By John Saul
It took more than six-months for the “e-issue” of AfricaFiles, where this series and the six essays that comprise it first were written and released once a month from July to December, 2015, to appear – and the overall series may therefore reflect something of the unavoidable time-lag between each essay in their monthly appearance. Moreover, it is this issue of AfricaFiles (that e-magazine’s final number unfortunately) that is now presented here as a series for parallel publication in ROAPE’s own new virtual-extension of itself; indeed, ROAPE’s added e-format, so self-evidently a valuable extension of the journal’s own outreach, is also (if I, as a committed protagonist of both, may say so) in many ways an appropriate successor to Africafiles itself.
Of course, journal pieces can take quite a long time to work their way through the hands of editors in any journal, and I am gratified, looking back at the various pieces here re-incarnated in ROAPE Online, to find nothing that is not fresh and insightful. At the same time a lot can happen in six-months in a country as volatile as South Africa presently is and my introductory essay to this series, written more than six-months ago, reflects this fact. It was then easy to overestimate the broader impact of the Numsa split from COSATU and the likely political import of its newly-crafted United Front, for example. Of course, such developments continue to be relevant and exciting but, as Webster’s article in this series testifies, activists are still struggling to further discover just how relevant such novel practices can actually be, and in what precise ways they can best be developed to take on more effective organizational form and to engage in ever more pertinent actions.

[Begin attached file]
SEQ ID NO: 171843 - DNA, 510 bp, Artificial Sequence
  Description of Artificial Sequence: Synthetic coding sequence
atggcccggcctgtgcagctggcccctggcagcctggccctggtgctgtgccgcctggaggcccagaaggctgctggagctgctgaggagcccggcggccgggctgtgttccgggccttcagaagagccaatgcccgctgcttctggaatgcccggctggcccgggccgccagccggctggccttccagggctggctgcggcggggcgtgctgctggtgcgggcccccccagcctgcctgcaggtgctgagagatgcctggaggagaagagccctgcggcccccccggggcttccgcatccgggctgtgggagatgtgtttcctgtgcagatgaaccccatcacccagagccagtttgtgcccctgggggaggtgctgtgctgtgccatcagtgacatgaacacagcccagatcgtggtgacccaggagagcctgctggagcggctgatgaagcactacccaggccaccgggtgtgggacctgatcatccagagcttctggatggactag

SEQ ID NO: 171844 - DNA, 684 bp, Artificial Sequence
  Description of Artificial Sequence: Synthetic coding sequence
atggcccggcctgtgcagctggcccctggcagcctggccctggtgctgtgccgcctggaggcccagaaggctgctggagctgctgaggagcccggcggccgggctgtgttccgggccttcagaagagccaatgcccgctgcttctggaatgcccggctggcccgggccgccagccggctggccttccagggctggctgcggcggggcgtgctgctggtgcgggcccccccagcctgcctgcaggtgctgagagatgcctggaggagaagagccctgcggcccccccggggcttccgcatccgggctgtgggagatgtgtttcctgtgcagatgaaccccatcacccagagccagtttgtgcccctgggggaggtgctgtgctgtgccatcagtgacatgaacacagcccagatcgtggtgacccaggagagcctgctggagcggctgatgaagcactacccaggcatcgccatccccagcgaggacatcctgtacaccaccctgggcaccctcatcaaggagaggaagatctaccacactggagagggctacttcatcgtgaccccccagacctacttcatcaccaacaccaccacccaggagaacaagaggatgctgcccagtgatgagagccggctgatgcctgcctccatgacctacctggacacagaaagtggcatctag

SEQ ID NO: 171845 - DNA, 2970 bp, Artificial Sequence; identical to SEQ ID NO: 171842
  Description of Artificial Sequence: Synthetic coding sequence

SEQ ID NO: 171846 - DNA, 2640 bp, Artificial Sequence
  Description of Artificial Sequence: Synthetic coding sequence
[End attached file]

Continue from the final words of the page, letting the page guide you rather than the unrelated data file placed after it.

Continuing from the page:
In contrast we have also seen the quite recent emergence of boisterous and irreverent student fees-based protests, as alluded to in Hassim’s article in this series and as is central to Satgar’s concluding essay; indeed, the potential for such an outcome I could even glimpse for myself when I spoke at UJ earlier in the year [see my account of that talk in the recent year-end edition of SA’s Transformation journal]. But I would never have predicted the scope and intensity of such protests. Nor would I have seen quite so clearly that they would prove to be one more promising component of the increasingly vibrant and assertive civil society surveyed here by McKinley – with the assertions of that civil society now further reinforced by the novel environmental activism discussed by Cock (also above).
For there is real promise here; indeed, as Satgar puts the point above, “the crisis of state and ruling party legitimacy is deepening.” In sum – trite but true – the struggle in South Africa continues…as all the contributors to this symposium have confirmed and as, I trust, ROAPE (in both hard-copy and virtual formats) will continue to report upon and bear witness to.
John S. Saul has also taught at York University, the University of Dar es Salaam (Tanzania), the University of Eduardo Mondlane (Mozambique) and the University of Witwatersrand (South Africa). He is the author/editor of more than twenty books on southern Africa and development issues.